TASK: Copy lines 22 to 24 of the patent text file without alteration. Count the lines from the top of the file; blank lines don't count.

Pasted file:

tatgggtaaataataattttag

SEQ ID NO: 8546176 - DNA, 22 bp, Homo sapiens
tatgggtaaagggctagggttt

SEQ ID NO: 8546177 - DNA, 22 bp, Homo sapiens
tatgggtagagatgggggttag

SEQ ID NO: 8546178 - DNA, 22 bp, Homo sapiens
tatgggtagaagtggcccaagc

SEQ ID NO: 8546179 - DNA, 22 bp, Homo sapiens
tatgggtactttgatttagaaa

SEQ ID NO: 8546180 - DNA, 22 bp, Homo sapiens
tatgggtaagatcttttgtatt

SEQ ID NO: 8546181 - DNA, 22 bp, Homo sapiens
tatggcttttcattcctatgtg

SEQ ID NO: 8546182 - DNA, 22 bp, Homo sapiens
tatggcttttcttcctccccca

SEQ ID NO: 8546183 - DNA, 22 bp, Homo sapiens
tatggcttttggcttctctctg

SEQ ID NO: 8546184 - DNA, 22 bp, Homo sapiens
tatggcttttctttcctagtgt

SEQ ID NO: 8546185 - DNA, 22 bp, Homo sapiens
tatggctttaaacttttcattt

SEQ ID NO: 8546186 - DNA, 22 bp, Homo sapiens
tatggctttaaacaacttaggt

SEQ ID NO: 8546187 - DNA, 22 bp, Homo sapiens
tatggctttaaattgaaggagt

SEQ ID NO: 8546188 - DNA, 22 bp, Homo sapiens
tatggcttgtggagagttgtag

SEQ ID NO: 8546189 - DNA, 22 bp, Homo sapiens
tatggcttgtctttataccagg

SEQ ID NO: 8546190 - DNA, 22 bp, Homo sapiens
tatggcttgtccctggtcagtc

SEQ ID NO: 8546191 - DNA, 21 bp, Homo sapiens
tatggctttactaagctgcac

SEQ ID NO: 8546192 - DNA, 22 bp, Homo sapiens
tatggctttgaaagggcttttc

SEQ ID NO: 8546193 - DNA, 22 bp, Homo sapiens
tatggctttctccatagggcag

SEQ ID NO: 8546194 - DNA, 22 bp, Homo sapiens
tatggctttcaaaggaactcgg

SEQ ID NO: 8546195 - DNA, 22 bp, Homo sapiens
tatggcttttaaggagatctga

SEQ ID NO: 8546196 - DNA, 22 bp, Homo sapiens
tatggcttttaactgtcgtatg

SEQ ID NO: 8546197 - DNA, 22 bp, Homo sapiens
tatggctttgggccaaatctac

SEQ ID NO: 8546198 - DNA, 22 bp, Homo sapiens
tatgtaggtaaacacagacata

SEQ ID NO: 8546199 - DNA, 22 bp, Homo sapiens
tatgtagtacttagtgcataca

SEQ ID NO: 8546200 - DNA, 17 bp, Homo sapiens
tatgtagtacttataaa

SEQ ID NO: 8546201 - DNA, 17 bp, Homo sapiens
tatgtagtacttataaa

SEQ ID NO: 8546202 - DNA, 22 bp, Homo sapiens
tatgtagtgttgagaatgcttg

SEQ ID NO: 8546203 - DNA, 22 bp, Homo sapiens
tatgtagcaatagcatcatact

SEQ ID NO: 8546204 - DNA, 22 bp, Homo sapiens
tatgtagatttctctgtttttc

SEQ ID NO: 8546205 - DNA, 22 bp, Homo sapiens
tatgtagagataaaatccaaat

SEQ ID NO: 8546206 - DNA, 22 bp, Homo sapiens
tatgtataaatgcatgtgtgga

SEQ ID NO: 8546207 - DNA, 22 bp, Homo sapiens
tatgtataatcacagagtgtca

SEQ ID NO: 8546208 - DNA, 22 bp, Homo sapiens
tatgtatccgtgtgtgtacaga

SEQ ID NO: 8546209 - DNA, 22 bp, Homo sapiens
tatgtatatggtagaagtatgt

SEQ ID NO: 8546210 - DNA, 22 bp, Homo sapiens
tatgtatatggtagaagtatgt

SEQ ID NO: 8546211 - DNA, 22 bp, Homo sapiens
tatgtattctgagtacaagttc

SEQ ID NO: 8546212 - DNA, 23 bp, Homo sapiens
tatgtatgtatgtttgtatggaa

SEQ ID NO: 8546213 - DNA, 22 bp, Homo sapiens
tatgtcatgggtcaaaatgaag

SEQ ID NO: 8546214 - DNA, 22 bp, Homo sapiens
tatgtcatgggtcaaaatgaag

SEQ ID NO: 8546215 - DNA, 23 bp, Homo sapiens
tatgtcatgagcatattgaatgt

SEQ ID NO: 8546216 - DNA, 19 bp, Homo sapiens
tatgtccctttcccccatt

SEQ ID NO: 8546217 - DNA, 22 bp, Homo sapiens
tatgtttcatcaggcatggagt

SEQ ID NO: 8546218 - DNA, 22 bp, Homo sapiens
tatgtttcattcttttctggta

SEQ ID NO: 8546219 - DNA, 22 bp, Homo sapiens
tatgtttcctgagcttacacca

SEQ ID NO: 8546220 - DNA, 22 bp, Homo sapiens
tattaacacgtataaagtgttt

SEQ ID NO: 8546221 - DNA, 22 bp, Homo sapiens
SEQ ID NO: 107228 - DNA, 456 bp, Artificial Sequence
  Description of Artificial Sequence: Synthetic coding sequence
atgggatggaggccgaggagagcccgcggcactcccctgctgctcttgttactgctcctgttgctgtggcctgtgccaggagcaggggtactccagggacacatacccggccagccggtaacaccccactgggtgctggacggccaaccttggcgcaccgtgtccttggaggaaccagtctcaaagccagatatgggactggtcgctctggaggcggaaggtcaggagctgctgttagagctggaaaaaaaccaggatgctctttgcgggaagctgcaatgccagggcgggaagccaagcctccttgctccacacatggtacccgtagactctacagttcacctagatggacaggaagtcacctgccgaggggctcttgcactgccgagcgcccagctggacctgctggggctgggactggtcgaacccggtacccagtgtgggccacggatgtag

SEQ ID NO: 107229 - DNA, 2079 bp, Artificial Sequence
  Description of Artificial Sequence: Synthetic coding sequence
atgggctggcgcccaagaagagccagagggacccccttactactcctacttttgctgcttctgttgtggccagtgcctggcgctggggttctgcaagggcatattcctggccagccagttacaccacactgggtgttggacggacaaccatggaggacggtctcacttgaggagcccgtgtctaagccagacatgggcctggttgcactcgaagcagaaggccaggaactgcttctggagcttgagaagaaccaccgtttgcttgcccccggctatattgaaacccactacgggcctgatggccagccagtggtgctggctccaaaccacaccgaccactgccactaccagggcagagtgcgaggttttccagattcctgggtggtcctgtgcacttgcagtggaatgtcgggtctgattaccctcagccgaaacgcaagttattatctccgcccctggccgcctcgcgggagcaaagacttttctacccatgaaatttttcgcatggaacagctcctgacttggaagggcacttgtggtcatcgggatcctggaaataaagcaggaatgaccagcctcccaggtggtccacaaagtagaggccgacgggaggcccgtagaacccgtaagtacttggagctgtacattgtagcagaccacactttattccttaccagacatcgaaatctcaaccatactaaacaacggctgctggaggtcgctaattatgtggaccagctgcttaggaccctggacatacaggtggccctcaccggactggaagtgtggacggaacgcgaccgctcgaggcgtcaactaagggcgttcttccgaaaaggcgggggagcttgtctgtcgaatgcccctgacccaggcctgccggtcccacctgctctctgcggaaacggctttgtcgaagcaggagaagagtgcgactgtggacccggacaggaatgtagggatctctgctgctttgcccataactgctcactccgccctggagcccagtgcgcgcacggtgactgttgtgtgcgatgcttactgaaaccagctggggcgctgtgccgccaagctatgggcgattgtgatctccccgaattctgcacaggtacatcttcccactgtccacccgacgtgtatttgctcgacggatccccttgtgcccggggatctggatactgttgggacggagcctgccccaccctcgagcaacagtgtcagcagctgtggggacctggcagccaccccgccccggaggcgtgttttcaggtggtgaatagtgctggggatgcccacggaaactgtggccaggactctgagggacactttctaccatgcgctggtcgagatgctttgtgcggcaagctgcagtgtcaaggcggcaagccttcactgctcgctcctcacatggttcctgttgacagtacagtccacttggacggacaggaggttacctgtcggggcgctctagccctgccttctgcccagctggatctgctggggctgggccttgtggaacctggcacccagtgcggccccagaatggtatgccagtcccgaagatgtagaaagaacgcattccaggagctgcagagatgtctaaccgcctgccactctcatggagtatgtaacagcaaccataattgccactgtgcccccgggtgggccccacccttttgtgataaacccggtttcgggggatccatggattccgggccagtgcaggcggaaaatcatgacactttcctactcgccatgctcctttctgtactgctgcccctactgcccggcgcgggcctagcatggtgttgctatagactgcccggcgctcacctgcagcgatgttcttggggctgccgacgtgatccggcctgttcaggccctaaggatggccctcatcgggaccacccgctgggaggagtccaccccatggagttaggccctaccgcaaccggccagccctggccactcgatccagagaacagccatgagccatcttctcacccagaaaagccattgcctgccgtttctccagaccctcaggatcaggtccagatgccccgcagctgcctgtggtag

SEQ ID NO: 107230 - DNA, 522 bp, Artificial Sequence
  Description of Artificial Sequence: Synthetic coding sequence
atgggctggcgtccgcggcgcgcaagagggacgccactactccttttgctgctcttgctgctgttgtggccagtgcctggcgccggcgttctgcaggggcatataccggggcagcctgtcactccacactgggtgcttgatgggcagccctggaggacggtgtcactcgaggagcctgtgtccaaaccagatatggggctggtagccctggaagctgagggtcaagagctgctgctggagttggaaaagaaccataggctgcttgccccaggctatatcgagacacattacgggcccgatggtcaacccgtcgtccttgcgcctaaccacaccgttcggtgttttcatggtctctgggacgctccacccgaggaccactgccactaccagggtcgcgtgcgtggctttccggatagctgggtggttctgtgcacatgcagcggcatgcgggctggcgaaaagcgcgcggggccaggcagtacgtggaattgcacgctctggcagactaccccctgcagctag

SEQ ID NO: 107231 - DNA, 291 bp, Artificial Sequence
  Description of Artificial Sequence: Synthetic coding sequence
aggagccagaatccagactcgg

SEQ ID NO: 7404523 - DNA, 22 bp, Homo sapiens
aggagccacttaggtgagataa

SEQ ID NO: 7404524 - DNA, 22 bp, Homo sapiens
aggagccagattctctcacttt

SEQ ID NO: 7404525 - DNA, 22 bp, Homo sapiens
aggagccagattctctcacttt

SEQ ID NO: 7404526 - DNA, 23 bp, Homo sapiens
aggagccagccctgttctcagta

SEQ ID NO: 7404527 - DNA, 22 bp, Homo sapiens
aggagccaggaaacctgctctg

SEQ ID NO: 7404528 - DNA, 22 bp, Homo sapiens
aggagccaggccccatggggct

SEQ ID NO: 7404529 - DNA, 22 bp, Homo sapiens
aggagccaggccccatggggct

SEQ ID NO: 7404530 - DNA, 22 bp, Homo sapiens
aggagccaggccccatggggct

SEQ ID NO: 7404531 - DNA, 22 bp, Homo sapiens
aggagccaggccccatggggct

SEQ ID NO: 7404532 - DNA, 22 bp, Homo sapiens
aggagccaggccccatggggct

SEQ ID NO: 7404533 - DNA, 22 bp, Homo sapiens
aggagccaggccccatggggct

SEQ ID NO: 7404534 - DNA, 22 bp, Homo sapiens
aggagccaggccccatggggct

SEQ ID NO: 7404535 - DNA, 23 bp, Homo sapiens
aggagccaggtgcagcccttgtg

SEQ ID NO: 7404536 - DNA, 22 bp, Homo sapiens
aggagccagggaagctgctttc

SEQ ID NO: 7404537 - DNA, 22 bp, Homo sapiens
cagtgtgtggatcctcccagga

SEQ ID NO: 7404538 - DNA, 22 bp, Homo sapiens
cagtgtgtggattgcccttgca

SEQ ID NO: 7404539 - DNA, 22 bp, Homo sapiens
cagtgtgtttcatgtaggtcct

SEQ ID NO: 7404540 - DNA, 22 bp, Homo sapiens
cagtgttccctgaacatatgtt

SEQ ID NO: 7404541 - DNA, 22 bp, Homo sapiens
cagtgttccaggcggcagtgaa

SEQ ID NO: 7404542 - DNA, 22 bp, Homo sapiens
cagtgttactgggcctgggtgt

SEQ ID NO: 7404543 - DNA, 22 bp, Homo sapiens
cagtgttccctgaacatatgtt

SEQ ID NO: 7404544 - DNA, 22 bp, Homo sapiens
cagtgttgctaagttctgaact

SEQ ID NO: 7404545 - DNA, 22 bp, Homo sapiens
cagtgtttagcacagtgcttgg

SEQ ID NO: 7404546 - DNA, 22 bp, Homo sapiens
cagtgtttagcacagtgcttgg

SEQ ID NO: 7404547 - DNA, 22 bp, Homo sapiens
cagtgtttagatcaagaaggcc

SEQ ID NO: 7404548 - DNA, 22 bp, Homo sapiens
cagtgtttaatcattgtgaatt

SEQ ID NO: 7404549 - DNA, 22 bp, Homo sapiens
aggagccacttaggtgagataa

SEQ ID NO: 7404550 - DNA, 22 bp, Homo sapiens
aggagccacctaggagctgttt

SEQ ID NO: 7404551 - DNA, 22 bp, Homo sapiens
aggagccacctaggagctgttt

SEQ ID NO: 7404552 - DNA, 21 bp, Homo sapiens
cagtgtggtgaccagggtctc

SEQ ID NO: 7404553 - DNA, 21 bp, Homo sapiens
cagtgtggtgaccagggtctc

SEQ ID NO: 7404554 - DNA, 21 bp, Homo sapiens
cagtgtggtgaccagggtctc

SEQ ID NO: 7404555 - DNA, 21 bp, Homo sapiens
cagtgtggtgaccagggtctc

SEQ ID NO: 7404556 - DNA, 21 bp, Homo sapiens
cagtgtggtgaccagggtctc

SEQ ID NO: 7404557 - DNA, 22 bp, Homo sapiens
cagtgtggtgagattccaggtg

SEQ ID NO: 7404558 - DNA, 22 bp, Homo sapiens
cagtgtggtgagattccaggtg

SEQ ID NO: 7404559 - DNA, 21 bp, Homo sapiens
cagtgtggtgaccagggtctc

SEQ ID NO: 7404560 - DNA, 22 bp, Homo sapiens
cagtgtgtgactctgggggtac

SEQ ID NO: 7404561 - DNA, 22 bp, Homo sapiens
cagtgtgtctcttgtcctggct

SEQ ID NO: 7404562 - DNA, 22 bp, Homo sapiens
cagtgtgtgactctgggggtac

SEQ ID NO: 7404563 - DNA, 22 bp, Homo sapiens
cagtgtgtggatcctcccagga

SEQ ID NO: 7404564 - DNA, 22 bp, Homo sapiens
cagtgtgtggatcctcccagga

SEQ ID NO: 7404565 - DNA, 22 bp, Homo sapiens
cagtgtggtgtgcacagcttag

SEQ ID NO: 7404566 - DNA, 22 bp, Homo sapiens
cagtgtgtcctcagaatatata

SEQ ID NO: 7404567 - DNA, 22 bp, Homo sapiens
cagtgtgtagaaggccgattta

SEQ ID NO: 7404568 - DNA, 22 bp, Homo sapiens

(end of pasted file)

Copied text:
SEQ ID NO: 8546186 - DNA, 22 bp, Homo sapiens
tatggctttaaacaacttaggt

SEQ ID NO: 8546187 - DNA, 22 bp, Homo sapiens